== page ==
WASHINGTON -- Ann Romney may believe that focusing exclusively on raising children counts as work, and the majority of Americans may agree with her, but that's not how the federal government sees it.
As far as Uncle Sam is concerned, if you're poor, deciding to stay at home and rear your children is not an option. Thanks to welfare reform, recipients of federal benefits must prove to a caseworker that they have performed, over the course of a week, a certain number of hours of "work activity." That number changes from state to state, and each state has discretion as to how narrowly work is defined, but federal law lists 12 broad categories that are covered.
Raising children is not among them.
According to a 2006 Congressional Research Service report, the dozen activities that fulfill the work requirement are:
(1) unsubsidized employment
(2) subsidized private sector employment
(3) subsidized public sector employment
(4) work experience
(5) on-the-job training
(6) job search and job readiness assistance
(7) community services programs
(8) vocational educational training
(9) job skills training directly related to employment
(10) education directly related to employment (for those without a high school degree or equivalent)
(11) satisfactory attendance at a secondary school
(12) provision of child care to a participant of a community service program
The only child-care related activity on the list is the last one, which would allow someone to care for someone else's child if that person were off volunteering. But lest beneficiaries get carried away with their charitable activity, it does not apply to married couples in some states. Connecticut, for instance, specifically prevents counting as "work" an instance in which one parent watches a child while the other parent volunteers.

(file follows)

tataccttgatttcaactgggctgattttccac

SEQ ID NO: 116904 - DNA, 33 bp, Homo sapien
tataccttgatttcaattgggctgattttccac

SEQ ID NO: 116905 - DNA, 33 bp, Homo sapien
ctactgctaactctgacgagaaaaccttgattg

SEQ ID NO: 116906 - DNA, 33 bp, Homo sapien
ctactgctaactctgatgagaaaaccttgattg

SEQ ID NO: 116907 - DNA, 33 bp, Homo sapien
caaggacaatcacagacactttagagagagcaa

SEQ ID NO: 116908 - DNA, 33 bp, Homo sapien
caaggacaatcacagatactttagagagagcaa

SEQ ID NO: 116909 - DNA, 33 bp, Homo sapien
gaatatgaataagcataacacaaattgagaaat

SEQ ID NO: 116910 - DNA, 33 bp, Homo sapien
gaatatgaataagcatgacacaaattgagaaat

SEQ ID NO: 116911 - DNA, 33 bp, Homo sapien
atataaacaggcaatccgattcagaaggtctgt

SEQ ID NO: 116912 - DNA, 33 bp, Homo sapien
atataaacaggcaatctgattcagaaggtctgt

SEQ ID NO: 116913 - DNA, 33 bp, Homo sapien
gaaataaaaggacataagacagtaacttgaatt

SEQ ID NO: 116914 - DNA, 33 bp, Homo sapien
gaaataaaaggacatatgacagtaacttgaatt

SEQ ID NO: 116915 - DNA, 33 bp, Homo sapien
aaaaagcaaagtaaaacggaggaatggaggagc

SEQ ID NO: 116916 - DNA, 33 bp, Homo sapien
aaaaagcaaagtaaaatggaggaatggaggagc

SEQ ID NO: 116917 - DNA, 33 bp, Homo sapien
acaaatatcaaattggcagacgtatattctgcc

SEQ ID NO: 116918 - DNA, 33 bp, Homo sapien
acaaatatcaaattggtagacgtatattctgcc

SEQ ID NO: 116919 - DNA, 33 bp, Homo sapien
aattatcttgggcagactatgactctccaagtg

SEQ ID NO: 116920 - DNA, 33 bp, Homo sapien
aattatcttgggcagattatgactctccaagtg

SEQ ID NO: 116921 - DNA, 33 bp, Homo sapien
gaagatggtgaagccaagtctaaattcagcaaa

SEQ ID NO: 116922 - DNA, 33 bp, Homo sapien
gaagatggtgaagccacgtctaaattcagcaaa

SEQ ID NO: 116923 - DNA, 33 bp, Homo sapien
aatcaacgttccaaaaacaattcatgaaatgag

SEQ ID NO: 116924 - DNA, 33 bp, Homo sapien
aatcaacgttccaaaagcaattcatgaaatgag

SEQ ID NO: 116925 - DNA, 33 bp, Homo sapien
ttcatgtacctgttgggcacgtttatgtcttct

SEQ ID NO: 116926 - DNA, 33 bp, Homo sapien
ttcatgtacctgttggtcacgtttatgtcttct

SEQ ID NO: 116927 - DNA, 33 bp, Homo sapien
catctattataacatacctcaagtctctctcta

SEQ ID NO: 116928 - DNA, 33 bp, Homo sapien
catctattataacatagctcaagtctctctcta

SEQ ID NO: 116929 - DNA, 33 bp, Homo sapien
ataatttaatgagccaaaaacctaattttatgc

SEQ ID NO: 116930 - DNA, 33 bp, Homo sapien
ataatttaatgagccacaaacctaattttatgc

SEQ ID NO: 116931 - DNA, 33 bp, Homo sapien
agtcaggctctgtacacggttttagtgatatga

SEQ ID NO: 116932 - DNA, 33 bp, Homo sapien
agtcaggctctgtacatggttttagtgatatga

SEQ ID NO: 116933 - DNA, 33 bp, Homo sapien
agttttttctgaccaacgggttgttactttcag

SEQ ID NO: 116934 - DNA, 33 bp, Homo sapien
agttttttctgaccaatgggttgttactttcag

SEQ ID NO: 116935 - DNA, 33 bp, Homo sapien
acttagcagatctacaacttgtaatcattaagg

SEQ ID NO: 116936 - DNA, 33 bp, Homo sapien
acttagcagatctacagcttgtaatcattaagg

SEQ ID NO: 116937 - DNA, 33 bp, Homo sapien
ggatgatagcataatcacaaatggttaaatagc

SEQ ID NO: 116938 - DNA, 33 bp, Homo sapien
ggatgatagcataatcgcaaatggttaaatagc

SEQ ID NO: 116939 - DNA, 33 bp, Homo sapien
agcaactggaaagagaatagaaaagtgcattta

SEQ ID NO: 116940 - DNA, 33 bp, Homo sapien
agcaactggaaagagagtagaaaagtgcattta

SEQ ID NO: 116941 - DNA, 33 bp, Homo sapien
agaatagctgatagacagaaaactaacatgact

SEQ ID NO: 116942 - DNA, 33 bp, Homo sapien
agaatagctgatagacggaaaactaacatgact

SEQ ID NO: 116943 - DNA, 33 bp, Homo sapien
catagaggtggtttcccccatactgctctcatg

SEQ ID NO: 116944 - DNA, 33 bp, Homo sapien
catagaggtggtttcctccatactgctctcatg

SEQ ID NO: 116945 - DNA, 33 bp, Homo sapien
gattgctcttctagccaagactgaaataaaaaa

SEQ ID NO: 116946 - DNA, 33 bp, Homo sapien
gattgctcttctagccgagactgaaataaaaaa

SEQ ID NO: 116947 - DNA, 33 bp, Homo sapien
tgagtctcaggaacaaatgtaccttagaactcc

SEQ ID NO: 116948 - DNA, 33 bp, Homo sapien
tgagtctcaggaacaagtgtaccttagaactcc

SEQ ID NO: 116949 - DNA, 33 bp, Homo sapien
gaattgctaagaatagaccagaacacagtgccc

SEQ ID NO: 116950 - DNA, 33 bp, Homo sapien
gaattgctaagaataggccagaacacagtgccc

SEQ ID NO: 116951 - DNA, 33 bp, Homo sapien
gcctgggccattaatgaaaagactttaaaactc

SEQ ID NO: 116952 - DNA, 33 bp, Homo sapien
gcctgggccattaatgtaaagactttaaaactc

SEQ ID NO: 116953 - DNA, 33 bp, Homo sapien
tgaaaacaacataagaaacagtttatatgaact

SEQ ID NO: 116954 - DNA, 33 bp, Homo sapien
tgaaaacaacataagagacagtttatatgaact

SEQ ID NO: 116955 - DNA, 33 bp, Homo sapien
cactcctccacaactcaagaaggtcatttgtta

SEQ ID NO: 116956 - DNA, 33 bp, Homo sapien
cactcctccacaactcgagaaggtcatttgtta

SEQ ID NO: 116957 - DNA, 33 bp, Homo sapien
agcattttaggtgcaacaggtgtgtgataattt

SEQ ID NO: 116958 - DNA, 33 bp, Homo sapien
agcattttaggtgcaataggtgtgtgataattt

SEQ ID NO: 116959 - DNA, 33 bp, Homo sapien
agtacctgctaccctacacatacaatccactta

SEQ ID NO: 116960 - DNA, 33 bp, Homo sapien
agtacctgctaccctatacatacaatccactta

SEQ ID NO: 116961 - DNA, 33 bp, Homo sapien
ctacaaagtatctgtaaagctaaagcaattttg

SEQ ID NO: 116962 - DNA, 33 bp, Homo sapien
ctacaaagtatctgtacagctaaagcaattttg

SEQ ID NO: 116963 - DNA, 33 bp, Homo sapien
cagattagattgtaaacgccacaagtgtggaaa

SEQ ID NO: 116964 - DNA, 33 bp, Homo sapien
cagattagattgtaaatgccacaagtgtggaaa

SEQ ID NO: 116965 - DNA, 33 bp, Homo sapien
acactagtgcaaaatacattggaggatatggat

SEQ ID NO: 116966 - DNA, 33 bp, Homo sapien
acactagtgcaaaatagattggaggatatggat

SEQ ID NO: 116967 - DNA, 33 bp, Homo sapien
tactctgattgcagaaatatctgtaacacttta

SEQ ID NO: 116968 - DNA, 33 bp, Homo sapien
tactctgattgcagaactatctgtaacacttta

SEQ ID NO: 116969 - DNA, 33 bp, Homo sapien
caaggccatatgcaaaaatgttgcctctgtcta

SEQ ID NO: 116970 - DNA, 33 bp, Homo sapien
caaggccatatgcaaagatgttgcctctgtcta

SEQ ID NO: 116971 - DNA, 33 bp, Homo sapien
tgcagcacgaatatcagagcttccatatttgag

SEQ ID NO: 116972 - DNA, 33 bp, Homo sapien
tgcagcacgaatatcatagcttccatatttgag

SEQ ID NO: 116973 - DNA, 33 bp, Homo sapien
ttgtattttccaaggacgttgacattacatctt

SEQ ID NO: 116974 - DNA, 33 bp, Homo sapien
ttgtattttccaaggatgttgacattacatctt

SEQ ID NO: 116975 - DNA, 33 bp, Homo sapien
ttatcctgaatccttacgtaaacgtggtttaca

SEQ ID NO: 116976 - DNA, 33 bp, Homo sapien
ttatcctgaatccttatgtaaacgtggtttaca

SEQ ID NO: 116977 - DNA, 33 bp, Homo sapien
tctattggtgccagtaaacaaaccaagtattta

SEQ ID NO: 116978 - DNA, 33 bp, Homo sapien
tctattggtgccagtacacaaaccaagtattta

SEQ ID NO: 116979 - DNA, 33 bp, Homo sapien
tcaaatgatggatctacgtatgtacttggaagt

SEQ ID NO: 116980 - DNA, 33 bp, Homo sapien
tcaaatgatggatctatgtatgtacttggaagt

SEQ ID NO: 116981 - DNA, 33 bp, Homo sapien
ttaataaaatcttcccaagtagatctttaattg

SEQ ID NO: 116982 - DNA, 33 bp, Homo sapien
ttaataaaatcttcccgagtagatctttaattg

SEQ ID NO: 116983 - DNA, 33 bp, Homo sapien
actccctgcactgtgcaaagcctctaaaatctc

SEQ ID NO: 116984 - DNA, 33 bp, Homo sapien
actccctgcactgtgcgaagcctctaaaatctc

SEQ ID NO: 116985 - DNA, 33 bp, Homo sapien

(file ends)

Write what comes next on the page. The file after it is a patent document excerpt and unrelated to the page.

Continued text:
The federal government does at least implicitly acknowledge the value of childcare, though not for married couples. According to a 2012 Urban Institute study, a single mother is required to work 30 hours a week, but the requirement drops to 20 hours if she has a child under six. A married woman, such as Romney, would not be entitled to such a reduction in the requirement. If a married couple receives federally funded child care, the work requirement increases by 20 hours, from 35 hours to 55 hours between the two of them, another implicit acknowledgment of the value of stay-at-home work.
The nation -- or at the political observers and journalists who obsessively use Twitter -- was momentarily fixated on the question of what defines work when Democratic strategist (and former HuffPost editor-at-large) Hilary Rosen said Ann Romney had "never worked a day in her life." Rosen has since said that she believes staying at home with children counts as work, but that most women must both raise their children and earn money.
Politicians across the spectrum slammed Hilary Rosen for taking the same standard as the federal government. "Disappointed in @hilaryr 's comments. As a mother of 3 there's no doubt that raising children is work," tweeted Democratic National Committee Chair Rep. Debbie Wasserman Schultz (D-Fla.).
Many in President Barack Obama's inner circle expressed similar sentiments on Twitter, including Chief Strategist David Axelrod, Campaign Manager Jim Messina, Deputy Campaign Manager Stephanie Cutter and First Lady Michelle Obama.
The Romney campaign did not return a request for comment about whether it believes the federal definition of work should change to reflect the effort put in by stay-at-home mothers.
View tweets of Obama officials distancing themselves from Hilary Rosen's comments:
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